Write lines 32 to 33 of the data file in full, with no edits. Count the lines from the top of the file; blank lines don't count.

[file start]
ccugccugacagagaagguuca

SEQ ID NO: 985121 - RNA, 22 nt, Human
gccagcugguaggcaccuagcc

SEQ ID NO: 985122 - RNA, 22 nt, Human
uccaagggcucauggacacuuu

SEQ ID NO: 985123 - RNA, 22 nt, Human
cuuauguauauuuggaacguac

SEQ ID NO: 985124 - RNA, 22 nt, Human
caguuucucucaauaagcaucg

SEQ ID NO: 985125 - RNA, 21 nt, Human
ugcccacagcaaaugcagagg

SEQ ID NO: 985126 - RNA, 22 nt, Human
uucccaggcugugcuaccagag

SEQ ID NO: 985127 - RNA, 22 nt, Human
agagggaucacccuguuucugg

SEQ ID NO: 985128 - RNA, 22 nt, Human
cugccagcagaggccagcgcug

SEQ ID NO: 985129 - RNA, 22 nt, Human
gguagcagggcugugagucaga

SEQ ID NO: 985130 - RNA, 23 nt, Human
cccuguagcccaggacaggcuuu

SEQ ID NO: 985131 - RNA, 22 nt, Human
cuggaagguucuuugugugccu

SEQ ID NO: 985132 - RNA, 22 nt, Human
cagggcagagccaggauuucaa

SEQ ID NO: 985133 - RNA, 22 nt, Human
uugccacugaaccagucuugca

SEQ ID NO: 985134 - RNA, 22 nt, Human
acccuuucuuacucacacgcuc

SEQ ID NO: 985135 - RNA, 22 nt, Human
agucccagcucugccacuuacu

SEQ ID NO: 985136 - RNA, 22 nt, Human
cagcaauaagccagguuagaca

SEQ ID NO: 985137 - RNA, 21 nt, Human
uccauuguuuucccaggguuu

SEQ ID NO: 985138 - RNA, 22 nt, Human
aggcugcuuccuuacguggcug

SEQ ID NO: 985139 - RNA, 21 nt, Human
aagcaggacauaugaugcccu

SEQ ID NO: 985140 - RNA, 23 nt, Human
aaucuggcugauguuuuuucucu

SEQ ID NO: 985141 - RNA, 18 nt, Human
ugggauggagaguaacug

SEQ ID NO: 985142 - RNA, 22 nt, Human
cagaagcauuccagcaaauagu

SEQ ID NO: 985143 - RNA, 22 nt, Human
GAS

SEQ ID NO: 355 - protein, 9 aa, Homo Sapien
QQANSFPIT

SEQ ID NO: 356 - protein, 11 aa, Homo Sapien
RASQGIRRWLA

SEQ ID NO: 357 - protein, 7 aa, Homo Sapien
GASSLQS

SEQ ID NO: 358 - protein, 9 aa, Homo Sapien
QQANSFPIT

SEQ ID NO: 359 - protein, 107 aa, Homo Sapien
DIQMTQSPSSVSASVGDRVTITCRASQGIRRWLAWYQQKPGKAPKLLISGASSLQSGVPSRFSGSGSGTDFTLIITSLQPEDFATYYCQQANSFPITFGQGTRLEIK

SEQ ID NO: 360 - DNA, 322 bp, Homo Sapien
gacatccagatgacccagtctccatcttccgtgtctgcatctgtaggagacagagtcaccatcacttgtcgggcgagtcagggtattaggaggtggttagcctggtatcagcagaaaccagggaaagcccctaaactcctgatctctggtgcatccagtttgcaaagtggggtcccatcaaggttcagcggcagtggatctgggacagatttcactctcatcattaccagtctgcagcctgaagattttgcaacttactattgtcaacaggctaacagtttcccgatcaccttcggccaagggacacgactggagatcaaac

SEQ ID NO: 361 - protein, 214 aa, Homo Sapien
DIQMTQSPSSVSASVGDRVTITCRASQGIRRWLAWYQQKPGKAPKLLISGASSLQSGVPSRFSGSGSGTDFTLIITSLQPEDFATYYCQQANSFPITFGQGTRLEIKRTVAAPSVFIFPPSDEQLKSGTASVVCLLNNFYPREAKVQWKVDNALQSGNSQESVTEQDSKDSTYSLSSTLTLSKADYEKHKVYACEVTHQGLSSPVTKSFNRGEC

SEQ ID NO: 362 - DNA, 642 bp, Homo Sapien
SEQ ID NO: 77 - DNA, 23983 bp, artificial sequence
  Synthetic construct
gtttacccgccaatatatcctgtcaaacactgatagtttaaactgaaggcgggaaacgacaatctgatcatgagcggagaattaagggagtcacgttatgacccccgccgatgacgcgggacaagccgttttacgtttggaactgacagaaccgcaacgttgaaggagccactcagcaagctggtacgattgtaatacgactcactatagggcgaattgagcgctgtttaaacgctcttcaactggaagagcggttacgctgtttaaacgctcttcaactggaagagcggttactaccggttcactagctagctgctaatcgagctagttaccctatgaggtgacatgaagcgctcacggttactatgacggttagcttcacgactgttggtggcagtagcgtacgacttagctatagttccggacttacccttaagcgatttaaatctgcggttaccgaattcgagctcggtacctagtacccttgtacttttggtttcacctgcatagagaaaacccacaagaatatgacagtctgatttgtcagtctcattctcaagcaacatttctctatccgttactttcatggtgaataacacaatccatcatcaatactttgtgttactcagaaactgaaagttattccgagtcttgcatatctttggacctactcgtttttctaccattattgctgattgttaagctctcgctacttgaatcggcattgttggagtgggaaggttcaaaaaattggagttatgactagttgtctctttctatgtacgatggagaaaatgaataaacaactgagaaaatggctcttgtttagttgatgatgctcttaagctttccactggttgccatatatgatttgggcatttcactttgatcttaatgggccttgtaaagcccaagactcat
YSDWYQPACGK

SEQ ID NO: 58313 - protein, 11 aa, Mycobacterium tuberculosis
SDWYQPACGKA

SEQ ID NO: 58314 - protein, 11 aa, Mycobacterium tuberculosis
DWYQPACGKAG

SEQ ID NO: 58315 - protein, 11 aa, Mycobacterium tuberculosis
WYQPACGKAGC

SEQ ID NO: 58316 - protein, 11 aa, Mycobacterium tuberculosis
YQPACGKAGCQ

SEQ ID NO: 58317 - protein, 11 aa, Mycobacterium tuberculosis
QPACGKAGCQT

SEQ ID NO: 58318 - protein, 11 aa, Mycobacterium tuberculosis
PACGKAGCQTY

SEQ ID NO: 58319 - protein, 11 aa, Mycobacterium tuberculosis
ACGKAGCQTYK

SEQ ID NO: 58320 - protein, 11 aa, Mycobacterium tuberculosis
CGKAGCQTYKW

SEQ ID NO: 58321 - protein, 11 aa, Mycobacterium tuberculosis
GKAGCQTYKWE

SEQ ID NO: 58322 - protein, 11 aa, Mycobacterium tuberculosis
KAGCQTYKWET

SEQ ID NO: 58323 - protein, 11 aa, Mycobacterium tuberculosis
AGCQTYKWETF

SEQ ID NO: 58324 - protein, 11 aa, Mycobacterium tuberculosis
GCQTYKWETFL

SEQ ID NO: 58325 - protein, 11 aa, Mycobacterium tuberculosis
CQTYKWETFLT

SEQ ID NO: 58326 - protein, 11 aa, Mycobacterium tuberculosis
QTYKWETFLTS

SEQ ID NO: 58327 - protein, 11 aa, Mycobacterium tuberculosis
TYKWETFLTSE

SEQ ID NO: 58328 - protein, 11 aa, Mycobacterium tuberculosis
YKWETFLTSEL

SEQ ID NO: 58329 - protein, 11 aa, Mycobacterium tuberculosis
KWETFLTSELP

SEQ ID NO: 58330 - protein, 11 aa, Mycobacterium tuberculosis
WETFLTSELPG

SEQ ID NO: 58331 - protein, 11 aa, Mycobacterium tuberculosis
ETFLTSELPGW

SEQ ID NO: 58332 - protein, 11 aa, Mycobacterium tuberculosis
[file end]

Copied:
SEQ ID NO: 985136 - RNA, 22 nt, Human
cagcaauaagccagguuagaca